So last week I had my first ever visit to a sports medicine doctor. Up
until the day of, I debated whether to go or not. I hurt my left foot a
few days before the Detroit Half rested for the race and it flared up
immediately after I crossed the finish line. The pain was bad enough to
cause me to limp. Any weight on it and I would get a shooting pain on the
outside of my foot just in front of the heel and towards my little toe.
But now it had been 4 weeks and all was pretty much back to normal. I
decided to go anyway and I'm kind of glad I did. It was an overall
Before even seeing the dr, I was sent to radiology to get some X-rays
taken of my foot. Afterwards, I returned to explain my story with the
nurse. She let me know that the Dr had a student with her today and that
the student would come in first. She came in shortly after and asked some
questions about the pain and the moved the foot around to see if it hurt
from any of the movements. I almost wished it did hurt, so she would have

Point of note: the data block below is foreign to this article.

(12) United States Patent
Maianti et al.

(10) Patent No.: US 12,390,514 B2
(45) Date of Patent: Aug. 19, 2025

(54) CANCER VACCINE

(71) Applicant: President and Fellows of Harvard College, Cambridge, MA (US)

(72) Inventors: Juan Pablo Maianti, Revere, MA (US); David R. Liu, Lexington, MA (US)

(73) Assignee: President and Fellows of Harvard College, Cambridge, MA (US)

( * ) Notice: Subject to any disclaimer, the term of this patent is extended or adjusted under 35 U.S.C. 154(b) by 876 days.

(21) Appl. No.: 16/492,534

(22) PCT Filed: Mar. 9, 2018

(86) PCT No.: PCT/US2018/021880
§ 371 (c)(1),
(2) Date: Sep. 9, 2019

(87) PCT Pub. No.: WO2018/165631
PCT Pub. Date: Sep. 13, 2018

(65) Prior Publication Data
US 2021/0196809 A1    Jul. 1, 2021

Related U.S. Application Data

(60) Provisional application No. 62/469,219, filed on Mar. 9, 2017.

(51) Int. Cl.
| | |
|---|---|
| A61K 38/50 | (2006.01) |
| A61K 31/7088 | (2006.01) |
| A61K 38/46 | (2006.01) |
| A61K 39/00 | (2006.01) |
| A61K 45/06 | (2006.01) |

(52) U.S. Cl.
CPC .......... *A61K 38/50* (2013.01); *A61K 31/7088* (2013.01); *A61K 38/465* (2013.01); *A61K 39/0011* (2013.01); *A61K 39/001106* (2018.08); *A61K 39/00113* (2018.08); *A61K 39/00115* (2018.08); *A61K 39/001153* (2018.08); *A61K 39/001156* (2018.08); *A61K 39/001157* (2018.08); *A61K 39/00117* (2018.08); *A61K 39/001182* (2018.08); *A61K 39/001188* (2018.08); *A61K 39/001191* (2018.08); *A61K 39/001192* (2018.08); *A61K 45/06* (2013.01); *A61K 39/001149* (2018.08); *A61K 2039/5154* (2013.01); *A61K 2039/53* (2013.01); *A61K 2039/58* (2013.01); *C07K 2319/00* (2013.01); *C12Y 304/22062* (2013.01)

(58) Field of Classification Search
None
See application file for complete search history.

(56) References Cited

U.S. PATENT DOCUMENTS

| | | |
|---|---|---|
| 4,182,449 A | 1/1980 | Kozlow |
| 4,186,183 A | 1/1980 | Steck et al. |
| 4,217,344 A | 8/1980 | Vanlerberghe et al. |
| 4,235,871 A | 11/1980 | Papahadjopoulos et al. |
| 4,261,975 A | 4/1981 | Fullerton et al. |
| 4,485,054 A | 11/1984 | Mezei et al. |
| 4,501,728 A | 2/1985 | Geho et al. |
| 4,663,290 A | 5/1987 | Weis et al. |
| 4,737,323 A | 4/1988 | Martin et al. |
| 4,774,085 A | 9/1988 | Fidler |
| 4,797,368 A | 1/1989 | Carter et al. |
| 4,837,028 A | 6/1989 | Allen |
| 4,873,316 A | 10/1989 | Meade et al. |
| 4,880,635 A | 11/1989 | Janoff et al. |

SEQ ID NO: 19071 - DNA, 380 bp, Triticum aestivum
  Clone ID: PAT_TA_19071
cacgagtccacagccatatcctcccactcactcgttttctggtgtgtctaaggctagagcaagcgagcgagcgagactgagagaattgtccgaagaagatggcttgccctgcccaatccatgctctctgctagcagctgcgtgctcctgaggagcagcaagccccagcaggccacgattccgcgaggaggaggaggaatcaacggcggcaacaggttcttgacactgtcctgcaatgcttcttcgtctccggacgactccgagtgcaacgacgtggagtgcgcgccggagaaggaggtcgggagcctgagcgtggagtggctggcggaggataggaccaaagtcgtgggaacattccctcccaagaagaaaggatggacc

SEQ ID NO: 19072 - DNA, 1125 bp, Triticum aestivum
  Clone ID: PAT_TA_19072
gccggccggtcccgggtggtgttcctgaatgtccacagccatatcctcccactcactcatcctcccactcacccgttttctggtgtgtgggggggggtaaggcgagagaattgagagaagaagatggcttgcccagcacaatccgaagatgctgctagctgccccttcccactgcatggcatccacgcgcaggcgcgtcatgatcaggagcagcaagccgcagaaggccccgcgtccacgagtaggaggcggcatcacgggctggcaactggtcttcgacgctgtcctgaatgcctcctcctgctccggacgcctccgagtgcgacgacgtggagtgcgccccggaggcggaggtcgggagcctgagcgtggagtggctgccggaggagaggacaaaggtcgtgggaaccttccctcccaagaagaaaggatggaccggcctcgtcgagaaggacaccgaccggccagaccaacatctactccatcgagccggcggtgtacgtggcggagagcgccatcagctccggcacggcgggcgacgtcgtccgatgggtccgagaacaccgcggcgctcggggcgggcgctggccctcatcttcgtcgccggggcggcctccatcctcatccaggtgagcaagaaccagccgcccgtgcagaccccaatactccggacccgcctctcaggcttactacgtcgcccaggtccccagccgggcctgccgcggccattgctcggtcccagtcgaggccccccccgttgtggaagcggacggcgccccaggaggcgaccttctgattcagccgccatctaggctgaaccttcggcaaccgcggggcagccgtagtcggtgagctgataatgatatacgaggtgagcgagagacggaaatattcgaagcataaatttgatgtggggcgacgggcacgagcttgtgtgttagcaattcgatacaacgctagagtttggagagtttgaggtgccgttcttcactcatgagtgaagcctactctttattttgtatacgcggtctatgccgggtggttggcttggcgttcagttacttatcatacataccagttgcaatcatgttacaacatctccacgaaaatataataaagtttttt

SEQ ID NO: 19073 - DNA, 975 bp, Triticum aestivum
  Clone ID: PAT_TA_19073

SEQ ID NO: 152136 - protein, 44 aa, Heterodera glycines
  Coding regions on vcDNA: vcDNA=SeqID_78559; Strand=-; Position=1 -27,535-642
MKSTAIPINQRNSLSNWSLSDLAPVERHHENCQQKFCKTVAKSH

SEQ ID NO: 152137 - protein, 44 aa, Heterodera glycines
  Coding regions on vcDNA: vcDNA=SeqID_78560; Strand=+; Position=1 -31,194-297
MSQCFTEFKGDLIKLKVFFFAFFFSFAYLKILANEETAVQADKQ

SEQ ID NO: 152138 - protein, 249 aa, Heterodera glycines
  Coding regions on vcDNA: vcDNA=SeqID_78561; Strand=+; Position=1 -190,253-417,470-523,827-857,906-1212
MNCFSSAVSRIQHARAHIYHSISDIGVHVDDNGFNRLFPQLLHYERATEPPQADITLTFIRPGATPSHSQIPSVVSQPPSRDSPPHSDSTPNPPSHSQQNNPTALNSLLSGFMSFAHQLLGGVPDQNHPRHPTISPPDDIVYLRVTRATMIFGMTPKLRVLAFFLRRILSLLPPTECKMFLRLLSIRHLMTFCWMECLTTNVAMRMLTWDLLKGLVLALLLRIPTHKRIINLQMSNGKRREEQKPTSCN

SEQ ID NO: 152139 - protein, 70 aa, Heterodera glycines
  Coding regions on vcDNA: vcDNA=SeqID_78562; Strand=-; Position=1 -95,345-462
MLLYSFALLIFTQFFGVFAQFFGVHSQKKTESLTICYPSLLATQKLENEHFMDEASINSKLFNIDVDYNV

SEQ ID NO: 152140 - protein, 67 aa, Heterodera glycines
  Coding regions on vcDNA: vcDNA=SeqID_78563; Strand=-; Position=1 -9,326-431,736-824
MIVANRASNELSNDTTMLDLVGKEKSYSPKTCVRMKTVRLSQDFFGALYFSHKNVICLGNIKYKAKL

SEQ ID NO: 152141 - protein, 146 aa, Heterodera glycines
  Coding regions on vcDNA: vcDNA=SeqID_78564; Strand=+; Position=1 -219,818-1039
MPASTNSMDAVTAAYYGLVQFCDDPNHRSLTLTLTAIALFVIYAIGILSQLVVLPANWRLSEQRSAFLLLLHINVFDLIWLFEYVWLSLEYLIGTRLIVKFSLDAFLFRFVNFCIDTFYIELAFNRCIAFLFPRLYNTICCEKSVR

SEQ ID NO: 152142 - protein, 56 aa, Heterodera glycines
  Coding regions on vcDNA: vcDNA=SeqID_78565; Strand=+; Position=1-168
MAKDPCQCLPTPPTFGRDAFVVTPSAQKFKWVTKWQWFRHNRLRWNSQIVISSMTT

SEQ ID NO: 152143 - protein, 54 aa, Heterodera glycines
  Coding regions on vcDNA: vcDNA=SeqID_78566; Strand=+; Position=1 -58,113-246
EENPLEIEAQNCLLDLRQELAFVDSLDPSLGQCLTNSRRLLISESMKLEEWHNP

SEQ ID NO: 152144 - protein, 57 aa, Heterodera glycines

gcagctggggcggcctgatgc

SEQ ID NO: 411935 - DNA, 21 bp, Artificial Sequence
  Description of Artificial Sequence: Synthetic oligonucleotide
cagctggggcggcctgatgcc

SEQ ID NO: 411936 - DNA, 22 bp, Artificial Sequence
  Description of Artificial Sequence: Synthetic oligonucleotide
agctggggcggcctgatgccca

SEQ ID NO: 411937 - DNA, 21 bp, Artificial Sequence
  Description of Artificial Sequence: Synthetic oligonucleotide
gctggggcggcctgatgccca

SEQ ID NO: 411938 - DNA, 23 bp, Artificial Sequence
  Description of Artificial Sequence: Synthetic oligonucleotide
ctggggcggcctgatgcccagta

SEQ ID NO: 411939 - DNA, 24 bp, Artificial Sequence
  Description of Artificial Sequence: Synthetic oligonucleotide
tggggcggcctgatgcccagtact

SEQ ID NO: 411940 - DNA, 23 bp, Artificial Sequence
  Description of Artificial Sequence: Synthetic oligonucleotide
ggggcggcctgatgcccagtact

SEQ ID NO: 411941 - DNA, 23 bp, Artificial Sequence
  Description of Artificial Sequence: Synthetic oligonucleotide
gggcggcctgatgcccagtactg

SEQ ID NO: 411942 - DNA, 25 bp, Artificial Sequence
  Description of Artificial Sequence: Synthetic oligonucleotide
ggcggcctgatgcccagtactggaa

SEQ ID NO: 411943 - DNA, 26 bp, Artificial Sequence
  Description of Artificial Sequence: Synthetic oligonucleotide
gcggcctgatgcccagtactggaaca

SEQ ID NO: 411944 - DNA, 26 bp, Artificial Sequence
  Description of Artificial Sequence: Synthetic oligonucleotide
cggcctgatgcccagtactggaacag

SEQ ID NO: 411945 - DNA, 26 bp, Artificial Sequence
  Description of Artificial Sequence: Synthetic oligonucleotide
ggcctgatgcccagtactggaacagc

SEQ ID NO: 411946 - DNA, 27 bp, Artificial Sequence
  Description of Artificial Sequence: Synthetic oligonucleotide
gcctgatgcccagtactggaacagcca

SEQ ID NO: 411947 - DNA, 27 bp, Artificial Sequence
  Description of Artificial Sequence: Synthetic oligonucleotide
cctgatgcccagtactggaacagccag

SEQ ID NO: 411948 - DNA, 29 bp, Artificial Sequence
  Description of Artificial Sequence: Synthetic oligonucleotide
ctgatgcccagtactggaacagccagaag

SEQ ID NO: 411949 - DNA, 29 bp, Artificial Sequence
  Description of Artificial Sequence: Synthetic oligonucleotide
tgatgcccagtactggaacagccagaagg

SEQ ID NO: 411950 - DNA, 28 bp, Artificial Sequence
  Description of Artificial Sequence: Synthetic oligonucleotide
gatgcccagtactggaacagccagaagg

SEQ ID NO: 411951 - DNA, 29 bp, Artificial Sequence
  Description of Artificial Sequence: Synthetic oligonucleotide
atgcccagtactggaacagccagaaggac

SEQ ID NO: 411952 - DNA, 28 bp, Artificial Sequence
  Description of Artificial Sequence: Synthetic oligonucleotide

something to work with. I mentioned how I noticed my shoe wear patterns
show me suplinating. The shoes are gait-correcting for over-pronating,
but I've worn these shoes for 200 miles. With that info, she was off to
get the Dr.
While the student didn't quite know what to do about an injury that no
longer has any pain, the Dr. wasn't perplexed by it. She asked questions to get a feel of my running history and jotted down my tentative race schedule for the next year. The X-rays returned
with no signs of a fracture, so she went through a myriad to flexing and
palpating (learned a new word) my feet form ankle, down. It was neat to
have the student in the room, because every little movement or procedure
the dr did, she explained to her student what, how and why. It was a
great learning experience.
It was determined that my dorisflexion (new word #2) was not to potential.
It can lead to knee injury (I did get some bad runner's knee after the
race). She confirmed by the callouses on my feet that I was indeed suplinating, which definitely could cause pain to the outside of my foot.
I was ordered PT to improve my dorisflexion and a gait analysis. I'll have to determine time and cost to see if I'll go though with it. I'm definitely not in a position for custom orthodics, but I am in the market for new shoes.linating, which would be a major cause of pain on the outside of my
I was given a Rx to receive PT to improve my dorisflexion and to receive a